Hat tip to Mr. Molly over at Telestial State for this rather bizarre story on the continual battle over Utah’s liquor laws that, apparently, not even Jon Huntsman could permanently resolve.
The Utah Hospitality Association (“UHA”), together with a handful of private plaintiffs, have initiated a lawsuit (complaint available here) against a number of prominent Utahns, including Governor Herbert, Attorney General Mark Shurtleff, members of the DABC, and various “John Does” seeking to have Utah’s Alcohol and Beverage Control Act, including the most recent set of legislative amendments, declared illeagal as a restraint of trade under Sherman Act. The lawsuit also seeks a declaratory judgment stating that Utah “legislators’ consultations with [representatives of] the Church of Jesus Christ of Latter-day Saints when making alcohol policies during the 2011 legislative session [were] unconstitutional”; and injunctive relief prohibiting “legislators of the State of Utah [from] . . . consult[ing] with, or consider[ing] the opinions of, the Church of Jesus Christ of Latter-day Saints when making alcohol policies during future legislative sessions.”
I’m not an anti-trust lawyer, so I’m going to leave the Sherman Act part of UHA’s complaint alone, other than to point out the Sherman Act and state alcohol regulations (even Utah’s unnecessarily restrictive regulations) have peacefully and legally coexisted for approximately 100 years, and it’s hard to see what happened last spring that changes this reality.
What’s in a Name?
But I do want to focus in briefly on UHA’s claims for declaratory and injunctive relief, because they seem extraordinarily odd to me on a number of levels. First of all, the plaintiffs in this case haven’t sued either the state legislators or the LDS Church. Even when you’re only seeking declaratory relief, you still have to name the parties involved before the court will enter a declaration regarding the legality of their actions. Hard to see how legislators or the LDS Church get enjoined when they’re not parties (maybe the complaint will be amended so that the LDS Church and John Valentine replace the current John Does).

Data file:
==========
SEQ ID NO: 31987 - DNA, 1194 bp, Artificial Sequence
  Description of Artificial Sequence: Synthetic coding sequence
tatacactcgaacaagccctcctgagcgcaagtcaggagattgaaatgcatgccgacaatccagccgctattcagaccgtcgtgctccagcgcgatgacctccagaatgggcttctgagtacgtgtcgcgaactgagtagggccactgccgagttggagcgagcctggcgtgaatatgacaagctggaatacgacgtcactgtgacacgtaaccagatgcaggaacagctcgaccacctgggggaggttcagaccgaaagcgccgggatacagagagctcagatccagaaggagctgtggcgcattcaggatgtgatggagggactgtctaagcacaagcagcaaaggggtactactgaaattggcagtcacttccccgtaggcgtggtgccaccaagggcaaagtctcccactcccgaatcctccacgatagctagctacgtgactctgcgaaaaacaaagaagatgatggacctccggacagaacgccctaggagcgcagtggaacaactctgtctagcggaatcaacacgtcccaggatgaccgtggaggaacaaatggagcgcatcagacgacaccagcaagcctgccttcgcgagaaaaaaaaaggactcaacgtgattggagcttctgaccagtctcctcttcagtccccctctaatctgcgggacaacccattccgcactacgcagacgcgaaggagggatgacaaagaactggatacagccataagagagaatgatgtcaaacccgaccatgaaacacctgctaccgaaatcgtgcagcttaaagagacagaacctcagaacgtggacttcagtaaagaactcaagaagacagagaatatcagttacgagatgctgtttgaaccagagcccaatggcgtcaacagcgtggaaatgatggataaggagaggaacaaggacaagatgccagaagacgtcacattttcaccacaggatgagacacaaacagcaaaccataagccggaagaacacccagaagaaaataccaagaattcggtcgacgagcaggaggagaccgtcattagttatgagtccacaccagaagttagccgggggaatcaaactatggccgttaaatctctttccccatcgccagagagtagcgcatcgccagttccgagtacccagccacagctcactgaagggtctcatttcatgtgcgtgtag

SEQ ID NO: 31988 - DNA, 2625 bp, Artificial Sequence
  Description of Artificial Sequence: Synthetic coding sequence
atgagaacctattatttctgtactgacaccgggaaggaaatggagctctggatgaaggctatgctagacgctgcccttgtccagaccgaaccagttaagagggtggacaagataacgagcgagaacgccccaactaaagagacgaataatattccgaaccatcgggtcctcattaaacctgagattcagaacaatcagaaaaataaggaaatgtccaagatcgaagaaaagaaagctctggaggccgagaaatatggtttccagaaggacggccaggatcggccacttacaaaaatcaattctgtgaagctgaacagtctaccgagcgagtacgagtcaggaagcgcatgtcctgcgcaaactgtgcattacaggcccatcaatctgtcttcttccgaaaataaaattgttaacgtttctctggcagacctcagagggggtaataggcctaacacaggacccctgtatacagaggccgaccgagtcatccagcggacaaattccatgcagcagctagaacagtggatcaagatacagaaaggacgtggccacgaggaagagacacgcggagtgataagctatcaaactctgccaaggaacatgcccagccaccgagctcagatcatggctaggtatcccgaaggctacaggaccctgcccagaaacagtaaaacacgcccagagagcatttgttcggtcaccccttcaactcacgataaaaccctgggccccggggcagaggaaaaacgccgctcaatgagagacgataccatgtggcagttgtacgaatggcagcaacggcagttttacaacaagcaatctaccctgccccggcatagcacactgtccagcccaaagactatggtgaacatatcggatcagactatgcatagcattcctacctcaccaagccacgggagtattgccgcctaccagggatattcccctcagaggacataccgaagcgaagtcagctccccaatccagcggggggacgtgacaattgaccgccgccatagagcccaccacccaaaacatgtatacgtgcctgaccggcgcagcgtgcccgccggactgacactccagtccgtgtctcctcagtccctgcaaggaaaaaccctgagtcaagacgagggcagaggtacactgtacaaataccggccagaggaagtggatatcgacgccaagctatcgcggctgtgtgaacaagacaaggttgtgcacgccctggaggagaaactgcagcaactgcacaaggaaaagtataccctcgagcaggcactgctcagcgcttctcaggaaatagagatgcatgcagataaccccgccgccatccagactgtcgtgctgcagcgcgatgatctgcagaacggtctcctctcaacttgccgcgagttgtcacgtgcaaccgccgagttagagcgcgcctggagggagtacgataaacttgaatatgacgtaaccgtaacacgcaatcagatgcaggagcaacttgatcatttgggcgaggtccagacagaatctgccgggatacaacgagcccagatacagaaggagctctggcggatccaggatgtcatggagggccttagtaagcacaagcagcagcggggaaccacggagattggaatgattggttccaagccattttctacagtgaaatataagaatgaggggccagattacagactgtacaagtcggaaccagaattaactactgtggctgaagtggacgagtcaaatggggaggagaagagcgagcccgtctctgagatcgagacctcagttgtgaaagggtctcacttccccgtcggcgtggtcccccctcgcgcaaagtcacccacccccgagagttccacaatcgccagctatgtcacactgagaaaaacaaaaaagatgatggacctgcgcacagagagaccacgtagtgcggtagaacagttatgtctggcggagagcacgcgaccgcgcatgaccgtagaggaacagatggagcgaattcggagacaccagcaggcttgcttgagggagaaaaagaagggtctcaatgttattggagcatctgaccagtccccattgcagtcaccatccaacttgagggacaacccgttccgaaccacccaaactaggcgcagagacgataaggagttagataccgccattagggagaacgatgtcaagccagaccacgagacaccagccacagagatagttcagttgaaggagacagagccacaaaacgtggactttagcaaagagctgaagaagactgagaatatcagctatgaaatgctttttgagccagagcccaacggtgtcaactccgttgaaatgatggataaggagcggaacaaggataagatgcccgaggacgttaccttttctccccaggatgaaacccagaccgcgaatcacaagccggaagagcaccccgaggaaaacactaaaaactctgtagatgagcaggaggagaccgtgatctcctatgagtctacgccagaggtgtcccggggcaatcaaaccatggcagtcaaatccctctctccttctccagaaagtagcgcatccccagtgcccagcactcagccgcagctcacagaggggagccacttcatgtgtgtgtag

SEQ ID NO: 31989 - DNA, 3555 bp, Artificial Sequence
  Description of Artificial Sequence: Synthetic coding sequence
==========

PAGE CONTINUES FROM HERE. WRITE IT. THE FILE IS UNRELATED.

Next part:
Talking = Interference
Second, the basis for the claim of unconstitutionality is the Utah State Constitution, which provides as follows in Article I, Section 4:
The rights of conscience shall never be infringed. The State shall make no law respecting an establishment of religion or prohibiting the free exercise thereof; no religious test shall be required as a qualification for any office of public trust or for any vote at any election; nor shall any person be incompetent as a witness or juror on account of religious belief or the absence thereof. There shall be no union of Church and State, nor shall any church dominate the State or interfere with its functions. No public money or property shall be appropriated for or applied to any religious worship, exercise or instruction, or for the support of any ecclesiastical establishment.
Although it’s hard to get a precise sense of exactly what UHA thinks the Utah Constitution requires, it’s obvious that the basis of their complaint arises out of the constitutional language declaring that no church shall “dominate the State or interfere with its functions.” The contention here has to be that, whenever state legislators seek out representatives of the LDS Church for an opinion on subjects related to legislation or governing (i.e., basically any subject at all), the LDS Church is somehow “interfering” with state functions or “dominating” the state. Logically, UHA’s position extends beyond liquor laws and would seem to prohibit legislators from communicating with the representatives of the LDS Church altogether, including in, say, public-private efforts to coordinate homeless housing and food delivery, discussions over child abuse reporting requirements for ecclesiastical leaders, or discussions regarding the new City Creek Center, which is paid for in large measure by the LDS Church itself. Prior to filing this complaint, UHA should have taken a step back and considered whether it really seriously believes that the Utah Constitution requires cutting off all communication between public leaders and LDS Church representatives (especially since it’s abundantly clear the people who drafted the Constitution did not). I’ve already wasted too much space on this one.
Just that one
Finally, it strikes me that UHA’s complaint would be much more effectively drafted if it just struck out all references to a specific church. Shouldn’t UHA’s request for injunctive relief seek to prohibit consultations between legislators and all religions? After all, while no other church in Utah is probably capable of “dominating” the state like the LDS Church, they are all capable of “interfering.” Drafting more circumspectly is not going to fool anyone about the real motive underlying this suit, but it’s never good legal strategy to be so candid about your desire for selective application of constitutional rules.
UHA openly acknolwedges that this suit is really nothing more than a political protest. It got them in the news, so I recommend they voluntarily dismiss. Otherwise, it will just die a slightly slower and more expensive death.